To say it’s been a wild ride for Nina West post-RuPaul’s Drag Race is putting it mildly.
Since her turn on the world’s most acclaimed runway, West has been a recording artist and is now a newly minted author with her new book "The You Kind of Kind." In between hitting stages nationally as Divine in the national tour of Hairspray and portraying Divine in the new biopic on '80s icon Weird Al Yankovic, West sat down to chat about her new ventures, pinch-me moments like performing alongside The Muppets, and being “blessed by the angel that is Dolly Parton.”
Michael Cook: We haven’t chatted since you were cast as Edna Turnblad in the national production of Hairspray, which is a truly iconic role. What has it been like to be cast in a role that is so truly steeped in legend?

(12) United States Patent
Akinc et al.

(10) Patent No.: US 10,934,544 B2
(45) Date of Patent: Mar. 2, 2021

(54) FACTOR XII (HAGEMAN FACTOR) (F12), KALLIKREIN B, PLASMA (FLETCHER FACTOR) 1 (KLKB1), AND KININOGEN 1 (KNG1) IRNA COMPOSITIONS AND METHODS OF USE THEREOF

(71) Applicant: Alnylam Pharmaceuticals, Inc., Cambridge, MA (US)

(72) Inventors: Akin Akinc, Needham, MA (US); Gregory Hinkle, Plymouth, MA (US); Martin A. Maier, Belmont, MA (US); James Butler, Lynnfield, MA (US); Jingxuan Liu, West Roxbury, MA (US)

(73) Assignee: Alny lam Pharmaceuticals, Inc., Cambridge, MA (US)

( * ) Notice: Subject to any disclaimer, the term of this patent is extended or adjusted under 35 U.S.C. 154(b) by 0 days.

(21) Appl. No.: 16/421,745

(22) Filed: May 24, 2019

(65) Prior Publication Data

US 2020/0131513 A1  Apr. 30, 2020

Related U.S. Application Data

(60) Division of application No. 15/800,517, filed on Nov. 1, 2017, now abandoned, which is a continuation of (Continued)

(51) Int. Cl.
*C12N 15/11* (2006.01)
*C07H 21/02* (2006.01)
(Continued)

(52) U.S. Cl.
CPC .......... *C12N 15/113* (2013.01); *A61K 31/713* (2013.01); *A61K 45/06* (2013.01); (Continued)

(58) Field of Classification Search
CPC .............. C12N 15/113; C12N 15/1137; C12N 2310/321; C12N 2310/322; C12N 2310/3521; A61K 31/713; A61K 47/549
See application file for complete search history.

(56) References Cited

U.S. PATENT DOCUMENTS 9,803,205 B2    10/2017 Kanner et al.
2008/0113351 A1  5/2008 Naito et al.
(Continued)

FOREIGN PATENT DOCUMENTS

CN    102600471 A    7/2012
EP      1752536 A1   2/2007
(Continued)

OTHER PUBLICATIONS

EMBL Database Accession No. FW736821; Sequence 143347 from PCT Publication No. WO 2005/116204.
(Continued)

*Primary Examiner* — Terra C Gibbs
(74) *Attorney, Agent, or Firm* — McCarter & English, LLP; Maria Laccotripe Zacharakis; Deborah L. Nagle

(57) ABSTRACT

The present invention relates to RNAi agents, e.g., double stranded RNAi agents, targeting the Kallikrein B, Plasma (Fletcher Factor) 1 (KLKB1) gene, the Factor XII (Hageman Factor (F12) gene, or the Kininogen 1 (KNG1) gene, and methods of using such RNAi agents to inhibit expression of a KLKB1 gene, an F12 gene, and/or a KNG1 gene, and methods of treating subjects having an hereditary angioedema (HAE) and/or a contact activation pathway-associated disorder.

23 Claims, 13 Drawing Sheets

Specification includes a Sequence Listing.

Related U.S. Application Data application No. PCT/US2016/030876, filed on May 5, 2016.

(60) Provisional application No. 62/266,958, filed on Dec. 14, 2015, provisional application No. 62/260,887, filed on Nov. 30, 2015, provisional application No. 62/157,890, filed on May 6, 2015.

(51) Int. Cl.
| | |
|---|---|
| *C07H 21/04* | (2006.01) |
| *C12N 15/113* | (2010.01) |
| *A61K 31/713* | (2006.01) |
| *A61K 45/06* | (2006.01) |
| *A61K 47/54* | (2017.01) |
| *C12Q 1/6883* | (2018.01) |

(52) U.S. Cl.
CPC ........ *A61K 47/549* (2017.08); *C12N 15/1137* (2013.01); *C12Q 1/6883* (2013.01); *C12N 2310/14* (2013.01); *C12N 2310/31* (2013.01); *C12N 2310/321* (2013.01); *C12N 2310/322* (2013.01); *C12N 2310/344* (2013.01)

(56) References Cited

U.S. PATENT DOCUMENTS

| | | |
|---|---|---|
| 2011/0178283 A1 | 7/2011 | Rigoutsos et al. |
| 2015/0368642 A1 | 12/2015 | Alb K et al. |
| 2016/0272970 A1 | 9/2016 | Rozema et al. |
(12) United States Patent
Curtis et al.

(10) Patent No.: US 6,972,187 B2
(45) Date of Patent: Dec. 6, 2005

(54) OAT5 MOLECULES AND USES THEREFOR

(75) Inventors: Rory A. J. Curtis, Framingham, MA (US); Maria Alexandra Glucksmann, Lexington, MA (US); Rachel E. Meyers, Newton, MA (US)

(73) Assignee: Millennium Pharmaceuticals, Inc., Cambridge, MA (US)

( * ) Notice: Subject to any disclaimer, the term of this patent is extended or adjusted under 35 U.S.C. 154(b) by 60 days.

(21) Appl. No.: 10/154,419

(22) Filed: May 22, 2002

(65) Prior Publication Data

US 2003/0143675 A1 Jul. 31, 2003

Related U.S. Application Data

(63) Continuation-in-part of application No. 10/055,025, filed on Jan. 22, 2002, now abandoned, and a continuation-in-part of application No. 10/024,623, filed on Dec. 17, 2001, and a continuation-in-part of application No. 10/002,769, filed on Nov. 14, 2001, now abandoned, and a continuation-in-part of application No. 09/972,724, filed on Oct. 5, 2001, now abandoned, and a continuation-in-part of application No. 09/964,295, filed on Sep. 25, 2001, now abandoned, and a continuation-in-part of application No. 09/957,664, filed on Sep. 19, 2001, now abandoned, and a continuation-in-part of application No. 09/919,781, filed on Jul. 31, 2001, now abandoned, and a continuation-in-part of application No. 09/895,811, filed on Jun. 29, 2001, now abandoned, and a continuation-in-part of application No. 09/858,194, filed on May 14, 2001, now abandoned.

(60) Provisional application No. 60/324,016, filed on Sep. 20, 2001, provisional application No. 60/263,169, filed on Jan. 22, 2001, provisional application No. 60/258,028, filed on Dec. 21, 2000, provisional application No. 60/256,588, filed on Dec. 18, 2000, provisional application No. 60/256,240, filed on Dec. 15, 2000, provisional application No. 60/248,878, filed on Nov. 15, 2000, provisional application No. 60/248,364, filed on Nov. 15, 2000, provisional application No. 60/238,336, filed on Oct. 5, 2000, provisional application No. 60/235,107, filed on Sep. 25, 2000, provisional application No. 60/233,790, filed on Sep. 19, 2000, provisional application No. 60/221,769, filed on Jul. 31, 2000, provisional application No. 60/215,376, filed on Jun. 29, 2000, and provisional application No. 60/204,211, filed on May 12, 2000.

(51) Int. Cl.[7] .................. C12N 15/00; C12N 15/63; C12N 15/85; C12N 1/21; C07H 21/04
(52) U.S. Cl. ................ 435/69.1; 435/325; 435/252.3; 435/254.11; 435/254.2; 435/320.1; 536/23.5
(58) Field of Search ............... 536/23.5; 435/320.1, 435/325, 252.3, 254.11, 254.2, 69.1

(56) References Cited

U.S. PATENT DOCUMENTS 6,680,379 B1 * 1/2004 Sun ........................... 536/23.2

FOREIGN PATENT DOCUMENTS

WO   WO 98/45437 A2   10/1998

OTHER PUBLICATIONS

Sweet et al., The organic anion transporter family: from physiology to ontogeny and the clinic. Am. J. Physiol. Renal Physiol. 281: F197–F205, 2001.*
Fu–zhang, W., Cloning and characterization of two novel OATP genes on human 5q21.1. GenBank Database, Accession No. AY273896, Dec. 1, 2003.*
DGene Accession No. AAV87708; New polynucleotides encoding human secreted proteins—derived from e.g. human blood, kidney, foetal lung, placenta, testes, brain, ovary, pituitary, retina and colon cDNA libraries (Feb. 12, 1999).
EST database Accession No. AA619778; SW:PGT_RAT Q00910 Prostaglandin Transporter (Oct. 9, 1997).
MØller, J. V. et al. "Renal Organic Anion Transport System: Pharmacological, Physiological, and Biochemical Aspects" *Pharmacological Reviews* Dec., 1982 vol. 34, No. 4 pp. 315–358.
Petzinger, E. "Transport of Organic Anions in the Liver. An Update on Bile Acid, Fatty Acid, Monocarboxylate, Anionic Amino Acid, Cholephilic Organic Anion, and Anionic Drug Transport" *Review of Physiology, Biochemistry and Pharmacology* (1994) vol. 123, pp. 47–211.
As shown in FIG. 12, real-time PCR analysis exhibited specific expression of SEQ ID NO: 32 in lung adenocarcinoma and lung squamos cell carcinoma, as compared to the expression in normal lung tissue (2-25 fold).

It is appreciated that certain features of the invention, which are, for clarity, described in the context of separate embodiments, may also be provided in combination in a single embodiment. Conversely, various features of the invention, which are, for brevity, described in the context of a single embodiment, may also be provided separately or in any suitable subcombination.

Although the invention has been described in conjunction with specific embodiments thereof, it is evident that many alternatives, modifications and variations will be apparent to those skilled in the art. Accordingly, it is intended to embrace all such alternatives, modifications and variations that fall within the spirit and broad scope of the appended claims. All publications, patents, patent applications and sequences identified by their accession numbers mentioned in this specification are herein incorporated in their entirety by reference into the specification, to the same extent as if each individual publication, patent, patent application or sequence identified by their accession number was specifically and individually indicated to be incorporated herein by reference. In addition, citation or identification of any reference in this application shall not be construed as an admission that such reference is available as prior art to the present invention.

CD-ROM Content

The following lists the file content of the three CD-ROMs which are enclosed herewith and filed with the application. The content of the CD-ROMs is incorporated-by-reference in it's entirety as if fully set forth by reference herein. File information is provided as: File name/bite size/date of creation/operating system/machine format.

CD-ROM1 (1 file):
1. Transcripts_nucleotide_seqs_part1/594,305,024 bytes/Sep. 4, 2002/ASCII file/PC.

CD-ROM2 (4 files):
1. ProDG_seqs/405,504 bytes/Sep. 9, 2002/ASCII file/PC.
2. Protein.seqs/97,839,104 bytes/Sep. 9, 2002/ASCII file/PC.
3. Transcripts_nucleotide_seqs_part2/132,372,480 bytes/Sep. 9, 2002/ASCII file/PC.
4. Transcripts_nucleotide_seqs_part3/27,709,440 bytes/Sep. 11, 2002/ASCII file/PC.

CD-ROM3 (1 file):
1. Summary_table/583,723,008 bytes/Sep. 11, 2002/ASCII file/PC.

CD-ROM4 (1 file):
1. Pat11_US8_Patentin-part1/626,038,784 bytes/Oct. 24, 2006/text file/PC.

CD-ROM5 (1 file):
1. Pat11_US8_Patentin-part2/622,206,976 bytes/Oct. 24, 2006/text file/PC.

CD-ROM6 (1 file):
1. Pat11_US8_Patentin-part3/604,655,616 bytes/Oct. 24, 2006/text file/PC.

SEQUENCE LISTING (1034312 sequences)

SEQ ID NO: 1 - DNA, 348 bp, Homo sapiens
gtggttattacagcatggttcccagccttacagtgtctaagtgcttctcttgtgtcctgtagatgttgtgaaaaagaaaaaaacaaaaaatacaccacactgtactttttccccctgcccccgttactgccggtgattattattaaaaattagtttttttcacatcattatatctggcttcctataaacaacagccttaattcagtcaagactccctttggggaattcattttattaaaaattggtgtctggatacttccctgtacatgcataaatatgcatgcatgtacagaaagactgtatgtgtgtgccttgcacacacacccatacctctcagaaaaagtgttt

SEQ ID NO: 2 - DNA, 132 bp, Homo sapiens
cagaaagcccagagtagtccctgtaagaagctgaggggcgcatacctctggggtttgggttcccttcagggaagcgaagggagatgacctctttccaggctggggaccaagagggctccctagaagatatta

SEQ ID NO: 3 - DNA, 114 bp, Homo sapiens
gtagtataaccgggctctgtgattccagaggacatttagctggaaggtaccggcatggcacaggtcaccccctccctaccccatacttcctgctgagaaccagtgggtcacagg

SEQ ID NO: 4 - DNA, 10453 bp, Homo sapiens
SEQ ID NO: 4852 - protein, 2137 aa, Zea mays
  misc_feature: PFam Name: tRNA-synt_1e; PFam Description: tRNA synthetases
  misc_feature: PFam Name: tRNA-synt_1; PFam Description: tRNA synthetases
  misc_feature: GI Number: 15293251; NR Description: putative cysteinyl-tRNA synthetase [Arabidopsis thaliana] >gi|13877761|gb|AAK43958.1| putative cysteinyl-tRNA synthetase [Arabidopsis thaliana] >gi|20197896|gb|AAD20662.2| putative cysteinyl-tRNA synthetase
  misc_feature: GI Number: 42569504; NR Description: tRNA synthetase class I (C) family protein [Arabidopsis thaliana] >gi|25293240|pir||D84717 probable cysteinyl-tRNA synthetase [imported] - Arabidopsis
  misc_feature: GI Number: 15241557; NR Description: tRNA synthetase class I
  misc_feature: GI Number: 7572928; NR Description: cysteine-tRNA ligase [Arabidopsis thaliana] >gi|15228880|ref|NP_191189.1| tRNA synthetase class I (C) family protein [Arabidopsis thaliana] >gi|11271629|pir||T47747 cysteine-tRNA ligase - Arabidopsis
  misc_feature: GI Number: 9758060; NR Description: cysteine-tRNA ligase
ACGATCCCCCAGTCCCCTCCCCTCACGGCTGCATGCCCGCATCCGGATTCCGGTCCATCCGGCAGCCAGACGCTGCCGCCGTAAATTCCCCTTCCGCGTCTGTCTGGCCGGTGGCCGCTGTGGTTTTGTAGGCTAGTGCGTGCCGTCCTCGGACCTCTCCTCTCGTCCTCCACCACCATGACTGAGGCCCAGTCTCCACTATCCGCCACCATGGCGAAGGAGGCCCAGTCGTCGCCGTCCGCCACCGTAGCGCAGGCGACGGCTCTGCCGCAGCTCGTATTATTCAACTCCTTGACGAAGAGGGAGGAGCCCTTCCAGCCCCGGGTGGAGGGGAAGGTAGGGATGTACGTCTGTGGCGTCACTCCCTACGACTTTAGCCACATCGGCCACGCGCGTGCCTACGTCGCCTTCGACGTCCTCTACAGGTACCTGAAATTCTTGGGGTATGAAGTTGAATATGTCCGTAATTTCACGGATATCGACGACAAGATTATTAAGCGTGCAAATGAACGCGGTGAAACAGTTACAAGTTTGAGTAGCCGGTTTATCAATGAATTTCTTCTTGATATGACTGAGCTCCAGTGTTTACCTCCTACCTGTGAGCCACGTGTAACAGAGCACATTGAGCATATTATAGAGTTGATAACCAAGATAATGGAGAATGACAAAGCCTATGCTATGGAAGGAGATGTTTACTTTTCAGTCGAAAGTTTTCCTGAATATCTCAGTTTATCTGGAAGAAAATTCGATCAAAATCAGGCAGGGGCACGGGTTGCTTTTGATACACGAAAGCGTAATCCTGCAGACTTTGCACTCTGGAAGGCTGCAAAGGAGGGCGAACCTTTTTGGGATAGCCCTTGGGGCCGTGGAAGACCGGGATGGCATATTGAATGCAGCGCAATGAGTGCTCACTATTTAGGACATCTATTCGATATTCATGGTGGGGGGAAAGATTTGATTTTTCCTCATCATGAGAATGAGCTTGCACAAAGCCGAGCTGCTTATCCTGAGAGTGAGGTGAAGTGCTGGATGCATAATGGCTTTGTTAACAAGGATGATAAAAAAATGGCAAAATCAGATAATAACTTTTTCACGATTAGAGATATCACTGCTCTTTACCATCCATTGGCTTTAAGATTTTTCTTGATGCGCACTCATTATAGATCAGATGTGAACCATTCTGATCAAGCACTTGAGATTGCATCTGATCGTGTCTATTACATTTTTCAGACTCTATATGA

Nina West: Truthfully, I gotta get all the bullshit out of the way. I gotta get the stuff out of my own way and I had gotten in my own way. This is big; Harvey Fierstein, Divine, Paul Vogt, John Pinette, John Travolta, Michael McKeon, and a lot of legends have been in these shoes. I won’t lie to you, the first part of my rehearsal process was just coming to terms with “am I worthy enough?” I had a heart-to-heart with Jack O’Brien and Jerry Mitchell and they were like “you just have to tell the story in your way.” It was an important conversation that shifted everything for me. I’m going to be honest with you, it was really hard at first. I didn’t want to let Harvey down in any way, and feel like 20 years later, this is the best they could do. I just didn’t know how to deal with those thoughts in my own way. Harvey hasn’t seen it yet, but he has been very hands-on with me and he will talk me off the ledge at times, reminding me of the truth of everything and that has been really valuable. One of the greatest aspects of this whole journey has been that friendship.
MC: The fact that you can even say that you and a musical theater legend like Harvey Fierstein and you are actually friends must be beyond surreal for you.